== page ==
SAN FRANCISCO (Reuters) - Federal Trade Commissioner Julie Brill, speaking in Washington on Wednesday, expressed concern about the way apps on smartphones and mobile devices are siphoning sensitive health data, and how some of that information may then be shared with third parties.
iTalk has announced a distribution agreement with Cyber Kiosk for its CloudTalk product to provide secure connectivity for kiosk manufacturing and distribution in the alternative medical space.
CloudTalk has been developed to provide connectivity for vending machines and credit card processing, while Cyber Kiosk (Coral Springs, FL, USA) addresses a number of business verticals, including digital media, software and mobile applications development, tablet POS systems, payment processing, merchandising and the licensing of various unique products.
GE Healthcare is to acquire analytics provider CHCA in a move it claims will lead to better outcomes for patients in operating rooms and further aid the development of its industrial internet strategy.
The company – a subsidiary of industrial giant GE (Fairfield, CT, USA) – did not disclose how much it is to pay for CHCA but said it expected to close the deal in the second quarter of the year.
Healthcare IT players CloudVisit Telemedicine and I Do App have formed a new mobile health partnership aimed at developing new “all-in-one” telemedicine and home health devices.
CloudVisit (Cold Spring, NY, USA) provides real-time videoconferencing technology for use by healthcare providers and patients, while I Do App (Manhattan Beach, CA, USA) has developed a range of mobile health monitoring devices allowing patients to track weight, wellness and other key biometrics from their homes.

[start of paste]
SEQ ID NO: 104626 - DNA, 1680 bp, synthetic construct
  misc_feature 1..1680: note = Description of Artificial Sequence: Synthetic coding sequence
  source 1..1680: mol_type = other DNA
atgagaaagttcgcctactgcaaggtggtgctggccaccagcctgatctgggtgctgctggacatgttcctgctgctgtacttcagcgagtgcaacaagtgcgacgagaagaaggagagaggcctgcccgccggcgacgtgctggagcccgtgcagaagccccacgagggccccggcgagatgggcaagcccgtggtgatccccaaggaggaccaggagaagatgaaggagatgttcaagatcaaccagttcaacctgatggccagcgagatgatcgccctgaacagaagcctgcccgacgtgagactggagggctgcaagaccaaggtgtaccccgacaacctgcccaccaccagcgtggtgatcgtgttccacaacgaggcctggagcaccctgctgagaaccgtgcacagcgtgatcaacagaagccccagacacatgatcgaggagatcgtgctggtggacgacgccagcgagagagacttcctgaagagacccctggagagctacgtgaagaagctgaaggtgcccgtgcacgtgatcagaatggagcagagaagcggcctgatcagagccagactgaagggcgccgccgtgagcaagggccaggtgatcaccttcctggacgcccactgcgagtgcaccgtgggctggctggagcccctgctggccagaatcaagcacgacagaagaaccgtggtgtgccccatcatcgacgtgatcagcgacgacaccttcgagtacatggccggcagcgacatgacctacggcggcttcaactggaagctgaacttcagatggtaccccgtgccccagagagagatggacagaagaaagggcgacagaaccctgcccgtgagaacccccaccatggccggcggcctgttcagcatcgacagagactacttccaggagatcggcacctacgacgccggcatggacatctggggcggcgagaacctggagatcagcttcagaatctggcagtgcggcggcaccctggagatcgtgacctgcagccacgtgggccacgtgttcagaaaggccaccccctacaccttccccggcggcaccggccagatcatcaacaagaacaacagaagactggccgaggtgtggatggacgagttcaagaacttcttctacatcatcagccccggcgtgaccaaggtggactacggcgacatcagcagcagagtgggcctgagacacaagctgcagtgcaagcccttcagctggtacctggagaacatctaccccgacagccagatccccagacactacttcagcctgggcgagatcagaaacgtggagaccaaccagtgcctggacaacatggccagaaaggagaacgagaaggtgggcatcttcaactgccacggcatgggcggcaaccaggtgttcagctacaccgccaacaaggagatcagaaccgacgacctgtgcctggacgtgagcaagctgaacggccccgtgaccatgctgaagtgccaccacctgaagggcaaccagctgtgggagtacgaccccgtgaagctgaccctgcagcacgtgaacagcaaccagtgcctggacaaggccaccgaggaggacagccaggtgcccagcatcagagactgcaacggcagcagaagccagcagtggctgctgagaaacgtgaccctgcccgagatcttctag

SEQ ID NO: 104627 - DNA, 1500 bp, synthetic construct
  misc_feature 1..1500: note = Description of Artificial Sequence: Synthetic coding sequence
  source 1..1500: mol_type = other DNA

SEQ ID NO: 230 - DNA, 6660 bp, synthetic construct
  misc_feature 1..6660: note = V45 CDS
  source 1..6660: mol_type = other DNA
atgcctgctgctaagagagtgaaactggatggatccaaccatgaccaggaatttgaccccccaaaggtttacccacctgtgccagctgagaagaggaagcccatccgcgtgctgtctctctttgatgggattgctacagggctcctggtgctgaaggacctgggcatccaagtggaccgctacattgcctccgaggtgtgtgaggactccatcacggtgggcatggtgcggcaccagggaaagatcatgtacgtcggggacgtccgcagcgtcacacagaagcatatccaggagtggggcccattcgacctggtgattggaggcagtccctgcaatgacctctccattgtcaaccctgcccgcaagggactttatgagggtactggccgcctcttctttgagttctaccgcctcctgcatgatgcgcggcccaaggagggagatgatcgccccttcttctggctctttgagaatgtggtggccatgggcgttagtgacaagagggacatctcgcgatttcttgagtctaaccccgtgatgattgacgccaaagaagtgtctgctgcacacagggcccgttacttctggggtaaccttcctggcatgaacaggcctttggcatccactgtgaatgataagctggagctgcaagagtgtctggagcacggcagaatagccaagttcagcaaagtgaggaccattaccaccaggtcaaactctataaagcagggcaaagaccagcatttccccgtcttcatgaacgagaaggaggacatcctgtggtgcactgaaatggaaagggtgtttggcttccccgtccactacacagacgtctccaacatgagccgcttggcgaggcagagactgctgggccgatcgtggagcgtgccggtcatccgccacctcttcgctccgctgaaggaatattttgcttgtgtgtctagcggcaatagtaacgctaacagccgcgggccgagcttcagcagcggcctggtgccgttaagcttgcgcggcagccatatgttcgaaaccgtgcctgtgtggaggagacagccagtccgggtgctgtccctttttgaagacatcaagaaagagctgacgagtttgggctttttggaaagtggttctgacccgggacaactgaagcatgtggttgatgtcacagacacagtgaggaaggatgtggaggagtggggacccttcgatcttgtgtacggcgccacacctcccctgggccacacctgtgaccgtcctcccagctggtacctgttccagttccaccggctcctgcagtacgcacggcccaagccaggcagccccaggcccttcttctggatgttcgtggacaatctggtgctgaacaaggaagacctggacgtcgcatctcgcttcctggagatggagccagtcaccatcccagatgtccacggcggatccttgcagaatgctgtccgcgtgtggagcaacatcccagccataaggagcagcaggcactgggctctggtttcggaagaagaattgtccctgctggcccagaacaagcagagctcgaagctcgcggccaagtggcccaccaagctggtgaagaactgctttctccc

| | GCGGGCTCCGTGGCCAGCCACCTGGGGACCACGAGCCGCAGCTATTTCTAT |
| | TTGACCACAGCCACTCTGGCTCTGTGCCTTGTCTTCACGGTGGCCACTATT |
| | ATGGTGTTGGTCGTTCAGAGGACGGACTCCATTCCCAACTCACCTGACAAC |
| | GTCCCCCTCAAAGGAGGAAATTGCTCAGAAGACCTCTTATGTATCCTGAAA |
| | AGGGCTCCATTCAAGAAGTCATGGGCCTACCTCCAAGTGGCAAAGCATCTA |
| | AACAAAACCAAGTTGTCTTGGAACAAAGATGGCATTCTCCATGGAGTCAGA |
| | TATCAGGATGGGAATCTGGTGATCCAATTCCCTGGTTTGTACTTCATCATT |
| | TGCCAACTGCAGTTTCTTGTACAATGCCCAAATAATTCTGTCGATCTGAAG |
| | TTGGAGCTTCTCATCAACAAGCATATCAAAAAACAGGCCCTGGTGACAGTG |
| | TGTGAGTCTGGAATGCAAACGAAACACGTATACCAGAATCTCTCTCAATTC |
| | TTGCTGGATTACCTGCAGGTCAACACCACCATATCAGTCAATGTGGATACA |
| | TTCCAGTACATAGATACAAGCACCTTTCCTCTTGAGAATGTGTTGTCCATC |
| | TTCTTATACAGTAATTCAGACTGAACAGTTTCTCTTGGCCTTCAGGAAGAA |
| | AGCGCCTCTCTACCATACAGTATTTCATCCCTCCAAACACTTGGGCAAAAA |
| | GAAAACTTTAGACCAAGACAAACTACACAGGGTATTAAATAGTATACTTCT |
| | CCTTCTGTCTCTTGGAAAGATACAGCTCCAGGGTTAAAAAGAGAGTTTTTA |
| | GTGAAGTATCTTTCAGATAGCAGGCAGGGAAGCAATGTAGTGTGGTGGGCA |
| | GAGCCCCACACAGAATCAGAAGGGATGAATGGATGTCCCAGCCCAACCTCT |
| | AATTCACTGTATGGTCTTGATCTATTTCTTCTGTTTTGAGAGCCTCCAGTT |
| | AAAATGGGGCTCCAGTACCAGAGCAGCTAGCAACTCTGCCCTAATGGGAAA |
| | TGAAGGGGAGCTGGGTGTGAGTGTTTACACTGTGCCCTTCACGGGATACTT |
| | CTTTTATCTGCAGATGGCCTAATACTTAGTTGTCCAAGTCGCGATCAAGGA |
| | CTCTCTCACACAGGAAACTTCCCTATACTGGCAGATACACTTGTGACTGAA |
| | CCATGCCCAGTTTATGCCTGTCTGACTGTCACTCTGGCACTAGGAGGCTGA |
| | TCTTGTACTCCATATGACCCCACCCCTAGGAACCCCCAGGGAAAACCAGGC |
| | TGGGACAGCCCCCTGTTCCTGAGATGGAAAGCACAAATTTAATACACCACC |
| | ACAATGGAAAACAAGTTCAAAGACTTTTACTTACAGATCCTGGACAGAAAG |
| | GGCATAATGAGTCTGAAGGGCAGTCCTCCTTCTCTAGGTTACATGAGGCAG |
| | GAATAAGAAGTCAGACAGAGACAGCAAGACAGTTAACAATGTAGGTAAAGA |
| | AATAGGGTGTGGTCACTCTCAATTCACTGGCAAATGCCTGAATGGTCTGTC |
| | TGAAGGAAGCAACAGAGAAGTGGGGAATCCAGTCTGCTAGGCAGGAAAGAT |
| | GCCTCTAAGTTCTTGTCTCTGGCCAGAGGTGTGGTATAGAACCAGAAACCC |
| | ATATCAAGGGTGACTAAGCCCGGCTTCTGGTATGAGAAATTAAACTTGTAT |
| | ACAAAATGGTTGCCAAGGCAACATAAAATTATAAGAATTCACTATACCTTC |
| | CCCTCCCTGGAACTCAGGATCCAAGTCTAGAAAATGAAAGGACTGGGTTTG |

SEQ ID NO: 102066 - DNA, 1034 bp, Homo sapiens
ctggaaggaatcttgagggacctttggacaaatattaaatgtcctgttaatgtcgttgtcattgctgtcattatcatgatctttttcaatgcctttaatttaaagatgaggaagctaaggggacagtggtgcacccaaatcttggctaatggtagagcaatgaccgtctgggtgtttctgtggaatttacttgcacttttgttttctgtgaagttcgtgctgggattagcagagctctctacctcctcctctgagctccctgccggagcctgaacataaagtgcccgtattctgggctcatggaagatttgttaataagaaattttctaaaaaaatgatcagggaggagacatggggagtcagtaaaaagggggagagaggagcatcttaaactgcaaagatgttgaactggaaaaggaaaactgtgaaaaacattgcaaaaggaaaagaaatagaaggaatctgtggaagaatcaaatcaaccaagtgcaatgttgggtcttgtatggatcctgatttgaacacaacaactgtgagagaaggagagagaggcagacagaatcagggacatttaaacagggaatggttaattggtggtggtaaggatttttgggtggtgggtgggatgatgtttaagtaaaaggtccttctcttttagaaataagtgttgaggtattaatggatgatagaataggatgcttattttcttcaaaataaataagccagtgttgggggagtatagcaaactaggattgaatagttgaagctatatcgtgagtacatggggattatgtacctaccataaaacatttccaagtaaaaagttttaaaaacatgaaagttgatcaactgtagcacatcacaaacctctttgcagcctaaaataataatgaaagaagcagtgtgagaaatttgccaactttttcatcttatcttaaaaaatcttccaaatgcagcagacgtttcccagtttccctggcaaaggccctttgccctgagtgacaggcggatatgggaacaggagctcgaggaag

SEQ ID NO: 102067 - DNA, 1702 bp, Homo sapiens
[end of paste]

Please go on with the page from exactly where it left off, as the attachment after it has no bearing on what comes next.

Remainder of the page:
M2M chipmaker Ineda Systems has secured $17 million in funding from a number of investors, including Walden-Riverwood, Samsung Catalyst Fund, Qualcomm and IndusAge Partners.
The company says it will use the money to accelerate the development of its wearable processor unit, which is aimed at devices such as smartwatches and health and fitness trackers.
Dutch tech giant Royal Philips has launched a new medical alert service in the US that will notify emergency services if a user has fallen within his or her home.
The technology is aimed at elderly healthcare patients who may be too incapacitated to push a button on a standard remote-monitoring device, or use a phone, in the event of an accident at home.
It is also designed to eliminate the need for a landline, with more than a quarter of US households having already taken this step, according to data from the latest US Census Bureau.
Digital health player InfoBionic says it has raised a total of $17 million in a financing round led by Safeguard Scientifics, which will acquire “20% primary ownership” of InfoBionic as a result of the transaction.
InfoBionic (Lowell, MA, USA) is focused on developing patient monitoring services for chronic disease management and says the financing marks a “significant milestone” in its development, expansion and commercialization.
Healthcare insurance provider Humana has launched a trial of remote-monitoring technology for diabetes patients in partnership with tech player Pharos Innovations.
The trial is to last for a six-month period and involve some 500 Humana Medicare members in Texas, Illinois, Michigan and Wisconsin.
In a statement, Humana (Louisville, KY, USA) said it aimed to improve self-care management and reduce hospital admissions and in-patient costs through use of remote-monitoring technology.
US semiconductor giant Intel says it has completed the takeover of wearable device maker Basis Science.
Basis (San Francisco, CA, USA) specializes in developing wearables for health and wellness applications, including its Basis band health tracker, and the acquisition will provide Intel (Santa Clara, CA, USA) with immediate exposure to this fast-growing sector.
Mobile health player AirStrip has acquired Sense4Baby and said it will immediately seek FDA clearance to expand the company’s remote-monitoring service into the home.
Sense4Baby (La Jolla, CA, USA) has developed a wireless fetal monitoring system that can perform non-stress testing for high-risk pregnancies and has already received clearance from the US Food and Drug Administration and the European Commission to commercialize its medical device in clinical settings.